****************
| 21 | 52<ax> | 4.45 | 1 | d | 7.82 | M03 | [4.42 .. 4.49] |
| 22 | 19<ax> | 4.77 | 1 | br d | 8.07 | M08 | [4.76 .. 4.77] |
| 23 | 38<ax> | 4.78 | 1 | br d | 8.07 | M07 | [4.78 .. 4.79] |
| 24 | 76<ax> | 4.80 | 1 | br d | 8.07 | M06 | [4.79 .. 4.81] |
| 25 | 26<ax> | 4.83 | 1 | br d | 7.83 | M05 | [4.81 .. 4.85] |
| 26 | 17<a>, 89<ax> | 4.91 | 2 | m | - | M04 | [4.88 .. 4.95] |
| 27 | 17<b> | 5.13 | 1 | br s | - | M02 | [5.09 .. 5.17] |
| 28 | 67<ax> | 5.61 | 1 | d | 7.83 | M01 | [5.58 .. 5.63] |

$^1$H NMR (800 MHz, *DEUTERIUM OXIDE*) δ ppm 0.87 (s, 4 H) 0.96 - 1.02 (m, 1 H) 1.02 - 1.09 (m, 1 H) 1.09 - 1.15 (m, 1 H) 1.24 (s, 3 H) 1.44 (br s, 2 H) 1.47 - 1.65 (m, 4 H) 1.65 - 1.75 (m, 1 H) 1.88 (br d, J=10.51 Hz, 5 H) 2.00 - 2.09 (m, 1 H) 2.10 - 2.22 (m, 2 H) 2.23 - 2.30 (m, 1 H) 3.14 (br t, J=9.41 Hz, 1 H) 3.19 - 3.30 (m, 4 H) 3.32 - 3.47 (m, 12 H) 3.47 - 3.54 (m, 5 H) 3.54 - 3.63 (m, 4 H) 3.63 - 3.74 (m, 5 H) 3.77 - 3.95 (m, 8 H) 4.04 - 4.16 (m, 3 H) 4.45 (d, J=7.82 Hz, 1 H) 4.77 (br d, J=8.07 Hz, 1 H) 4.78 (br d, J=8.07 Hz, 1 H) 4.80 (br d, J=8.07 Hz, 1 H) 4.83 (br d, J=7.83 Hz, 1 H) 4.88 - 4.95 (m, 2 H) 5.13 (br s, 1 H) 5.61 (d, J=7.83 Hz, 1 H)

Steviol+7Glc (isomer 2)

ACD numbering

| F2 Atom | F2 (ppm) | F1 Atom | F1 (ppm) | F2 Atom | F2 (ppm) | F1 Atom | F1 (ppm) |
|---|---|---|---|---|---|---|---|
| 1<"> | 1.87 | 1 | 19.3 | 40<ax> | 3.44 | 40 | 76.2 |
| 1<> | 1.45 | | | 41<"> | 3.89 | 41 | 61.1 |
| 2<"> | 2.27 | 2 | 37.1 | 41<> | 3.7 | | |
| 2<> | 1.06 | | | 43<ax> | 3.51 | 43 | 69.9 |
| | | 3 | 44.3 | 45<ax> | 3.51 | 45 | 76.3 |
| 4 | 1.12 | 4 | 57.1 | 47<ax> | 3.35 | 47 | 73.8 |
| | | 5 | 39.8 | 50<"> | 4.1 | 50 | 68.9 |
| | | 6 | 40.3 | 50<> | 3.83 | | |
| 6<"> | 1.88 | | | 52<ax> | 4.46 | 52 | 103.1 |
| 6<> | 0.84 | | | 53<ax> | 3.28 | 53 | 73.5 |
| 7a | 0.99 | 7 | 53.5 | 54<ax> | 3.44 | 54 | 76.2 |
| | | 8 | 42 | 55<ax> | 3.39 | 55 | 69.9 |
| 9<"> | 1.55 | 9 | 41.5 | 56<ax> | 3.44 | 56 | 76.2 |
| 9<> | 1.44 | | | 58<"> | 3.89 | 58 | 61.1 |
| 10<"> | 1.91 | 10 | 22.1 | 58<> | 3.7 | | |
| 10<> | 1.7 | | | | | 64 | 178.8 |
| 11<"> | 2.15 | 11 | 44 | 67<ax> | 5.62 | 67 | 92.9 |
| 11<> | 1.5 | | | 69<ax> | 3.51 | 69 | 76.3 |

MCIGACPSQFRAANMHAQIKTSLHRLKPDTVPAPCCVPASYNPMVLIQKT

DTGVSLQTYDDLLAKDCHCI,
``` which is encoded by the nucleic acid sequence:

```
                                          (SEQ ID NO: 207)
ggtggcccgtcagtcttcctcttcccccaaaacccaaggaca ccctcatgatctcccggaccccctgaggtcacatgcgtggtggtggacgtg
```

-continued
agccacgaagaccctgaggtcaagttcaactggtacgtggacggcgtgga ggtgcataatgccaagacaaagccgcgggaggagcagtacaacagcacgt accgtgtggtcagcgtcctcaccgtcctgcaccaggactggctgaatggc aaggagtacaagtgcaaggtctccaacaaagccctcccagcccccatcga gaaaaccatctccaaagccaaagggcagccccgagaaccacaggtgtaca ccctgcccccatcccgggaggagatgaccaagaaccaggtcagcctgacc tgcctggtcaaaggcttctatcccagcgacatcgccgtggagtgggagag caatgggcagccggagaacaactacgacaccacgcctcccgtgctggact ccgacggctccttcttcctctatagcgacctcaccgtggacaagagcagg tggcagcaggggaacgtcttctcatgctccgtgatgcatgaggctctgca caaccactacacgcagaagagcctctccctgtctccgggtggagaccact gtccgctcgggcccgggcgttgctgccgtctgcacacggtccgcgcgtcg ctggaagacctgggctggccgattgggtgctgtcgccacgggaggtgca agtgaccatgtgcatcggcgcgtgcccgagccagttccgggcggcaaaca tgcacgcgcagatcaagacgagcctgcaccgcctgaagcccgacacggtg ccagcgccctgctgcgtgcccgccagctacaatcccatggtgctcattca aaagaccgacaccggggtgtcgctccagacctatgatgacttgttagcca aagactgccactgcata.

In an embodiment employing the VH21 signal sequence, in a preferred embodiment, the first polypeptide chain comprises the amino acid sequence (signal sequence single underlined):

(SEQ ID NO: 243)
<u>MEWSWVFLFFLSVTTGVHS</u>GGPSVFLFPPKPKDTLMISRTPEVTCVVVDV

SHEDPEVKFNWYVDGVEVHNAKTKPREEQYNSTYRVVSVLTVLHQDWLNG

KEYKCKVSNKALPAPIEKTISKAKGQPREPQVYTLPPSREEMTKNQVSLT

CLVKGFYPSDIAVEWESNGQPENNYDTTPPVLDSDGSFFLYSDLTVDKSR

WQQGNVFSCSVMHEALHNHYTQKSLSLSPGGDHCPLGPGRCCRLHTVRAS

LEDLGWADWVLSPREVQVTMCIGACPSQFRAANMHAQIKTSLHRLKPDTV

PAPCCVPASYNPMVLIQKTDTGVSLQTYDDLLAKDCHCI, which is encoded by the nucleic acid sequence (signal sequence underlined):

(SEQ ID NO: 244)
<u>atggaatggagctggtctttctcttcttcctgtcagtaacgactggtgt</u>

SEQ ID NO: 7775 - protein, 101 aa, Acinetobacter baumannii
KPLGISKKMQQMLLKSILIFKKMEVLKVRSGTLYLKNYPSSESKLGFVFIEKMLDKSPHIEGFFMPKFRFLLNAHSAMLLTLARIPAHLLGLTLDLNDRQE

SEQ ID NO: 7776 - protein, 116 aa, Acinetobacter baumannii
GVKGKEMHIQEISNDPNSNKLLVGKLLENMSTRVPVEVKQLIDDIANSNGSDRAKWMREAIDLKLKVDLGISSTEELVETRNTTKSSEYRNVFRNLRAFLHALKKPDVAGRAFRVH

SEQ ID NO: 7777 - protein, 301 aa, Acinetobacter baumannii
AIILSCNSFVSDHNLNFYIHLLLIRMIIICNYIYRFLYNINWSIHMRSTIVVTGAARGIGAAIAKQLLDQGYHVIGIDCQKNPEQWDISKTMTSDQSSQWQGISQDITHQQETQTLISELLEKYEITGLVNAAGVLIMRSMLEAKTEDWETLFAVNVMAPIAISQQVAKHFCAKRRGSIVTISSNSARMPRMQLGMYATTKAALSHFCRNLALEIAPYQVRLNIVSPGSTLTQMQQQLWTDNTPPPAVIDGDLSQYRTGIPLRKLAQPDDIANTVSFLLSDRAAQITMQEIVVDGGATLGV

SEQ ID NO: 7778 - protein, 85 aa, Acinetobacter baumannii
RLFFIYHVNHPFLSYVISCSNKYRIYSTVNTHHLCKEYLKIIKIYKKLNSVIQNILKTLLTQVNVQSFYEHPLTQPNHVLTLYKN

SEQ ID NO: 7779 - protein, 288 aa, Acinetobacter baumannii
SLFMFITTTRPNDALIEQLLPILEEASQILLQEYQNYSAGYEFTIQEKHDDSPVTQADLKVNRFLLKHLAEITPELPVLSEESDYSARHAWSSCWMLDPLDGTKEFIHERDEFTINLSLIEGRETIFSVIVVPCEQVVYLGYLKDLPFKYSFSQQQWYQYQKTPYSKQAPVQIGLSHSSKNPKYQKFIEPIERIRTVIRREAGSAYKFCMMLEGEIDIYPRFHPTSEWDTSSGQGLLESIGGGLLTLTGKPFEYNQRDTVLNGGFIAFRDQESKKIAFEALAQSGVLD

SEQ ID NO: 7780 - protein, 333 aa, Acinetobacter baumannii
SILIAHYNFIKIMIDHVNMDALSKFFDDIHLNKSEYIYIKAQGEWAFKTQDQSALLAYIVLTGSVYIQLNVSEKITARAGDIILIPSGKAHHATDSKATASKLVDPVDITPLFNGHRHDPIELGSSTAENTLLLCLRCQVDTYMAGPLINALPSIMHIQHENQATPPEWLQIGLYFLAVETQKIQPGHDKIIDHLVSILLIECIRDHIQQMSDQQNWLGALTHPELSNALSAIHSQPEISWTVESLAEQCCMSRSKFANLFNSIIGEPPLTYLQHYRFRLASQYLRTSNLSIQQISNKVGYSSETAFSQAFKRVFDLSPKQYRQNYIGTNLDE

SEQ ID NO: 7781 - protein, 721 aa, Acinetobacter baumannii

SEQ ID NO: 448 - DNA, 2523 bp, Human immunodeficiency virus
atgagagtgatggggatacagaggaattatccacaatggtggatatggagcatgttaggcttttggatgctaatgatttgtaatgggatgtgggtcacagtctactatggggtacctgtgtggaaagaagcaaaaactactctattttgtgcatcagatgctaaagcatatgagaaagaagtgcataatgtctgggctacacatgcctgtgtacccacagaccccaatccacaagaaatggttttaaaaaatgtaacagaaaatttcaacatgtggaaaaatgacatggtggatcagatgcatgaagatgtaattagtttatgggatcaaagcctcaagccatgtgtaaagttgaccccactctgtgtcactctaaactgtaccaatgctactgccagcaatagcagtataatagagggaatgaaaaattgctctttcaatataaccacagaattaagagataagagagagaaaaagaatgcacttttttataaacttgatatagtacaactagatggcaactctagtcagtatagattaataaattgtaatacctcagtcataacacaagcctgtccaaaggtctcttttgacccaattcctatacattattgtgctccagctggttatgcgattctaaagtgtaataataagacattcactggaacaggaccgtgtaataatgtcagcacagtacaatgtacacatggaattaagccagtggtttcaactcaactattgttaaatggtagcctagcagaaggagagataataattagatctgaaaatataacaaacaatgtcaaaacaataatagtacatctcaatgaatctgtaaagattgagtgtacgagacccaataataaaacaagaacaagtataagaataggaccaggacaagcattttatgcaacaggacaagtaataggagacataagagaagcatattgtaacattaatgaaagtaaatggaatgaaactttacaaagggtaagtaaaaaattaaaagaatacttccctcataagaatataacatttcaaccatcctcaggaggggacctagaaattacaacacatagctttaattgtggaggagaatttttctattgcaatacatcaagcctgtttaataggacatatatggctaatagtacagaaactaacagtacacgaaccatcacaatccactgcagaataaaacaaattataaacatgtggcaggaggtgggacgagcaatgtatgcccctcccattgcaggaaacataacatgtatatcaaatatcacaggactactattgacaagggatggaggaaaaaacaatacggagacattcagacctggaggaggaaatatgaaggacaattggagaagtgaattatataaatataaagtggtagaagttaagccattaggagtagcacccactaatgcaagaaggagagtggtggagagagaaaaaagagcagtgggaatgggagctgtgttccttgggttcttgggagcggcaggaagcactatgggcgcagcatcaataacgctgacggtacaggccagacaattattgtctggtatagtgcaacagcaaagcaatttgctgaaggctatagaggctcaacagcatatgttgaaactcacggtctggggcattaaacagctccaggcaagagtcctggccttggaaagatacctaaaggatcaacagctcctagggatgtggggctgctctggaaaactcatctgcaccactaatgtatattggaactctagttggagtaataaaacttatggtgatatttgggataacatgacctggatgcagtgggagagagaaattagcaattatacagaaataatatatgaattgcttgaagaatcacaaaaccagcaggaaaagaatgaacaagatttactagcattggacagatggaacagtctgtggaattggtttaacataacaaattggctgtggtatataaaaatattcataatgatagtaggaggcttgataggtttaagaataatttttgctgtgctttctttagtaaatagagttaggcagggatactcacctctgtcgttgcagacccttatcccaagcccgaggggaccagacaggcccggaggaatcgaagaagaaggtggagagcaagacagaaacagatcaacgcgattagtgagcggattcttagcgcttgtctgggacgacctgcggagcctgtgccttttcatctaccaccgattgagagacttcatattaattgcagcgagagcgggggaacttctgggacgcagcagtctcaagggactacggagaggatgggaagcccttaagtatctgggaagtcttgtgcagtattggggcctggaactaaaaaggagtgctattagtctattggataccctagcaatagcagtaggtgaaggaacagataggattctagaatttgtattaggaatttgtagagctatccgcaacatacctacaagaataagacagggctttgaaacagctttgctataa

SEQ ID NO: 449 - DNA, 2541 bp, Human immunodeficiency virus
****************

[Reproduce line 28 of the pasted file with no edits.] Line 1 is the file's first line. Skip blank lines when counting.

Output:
| 10<"> | 1.91 | 10 | 22.1 | 58<> | 3.7 | | |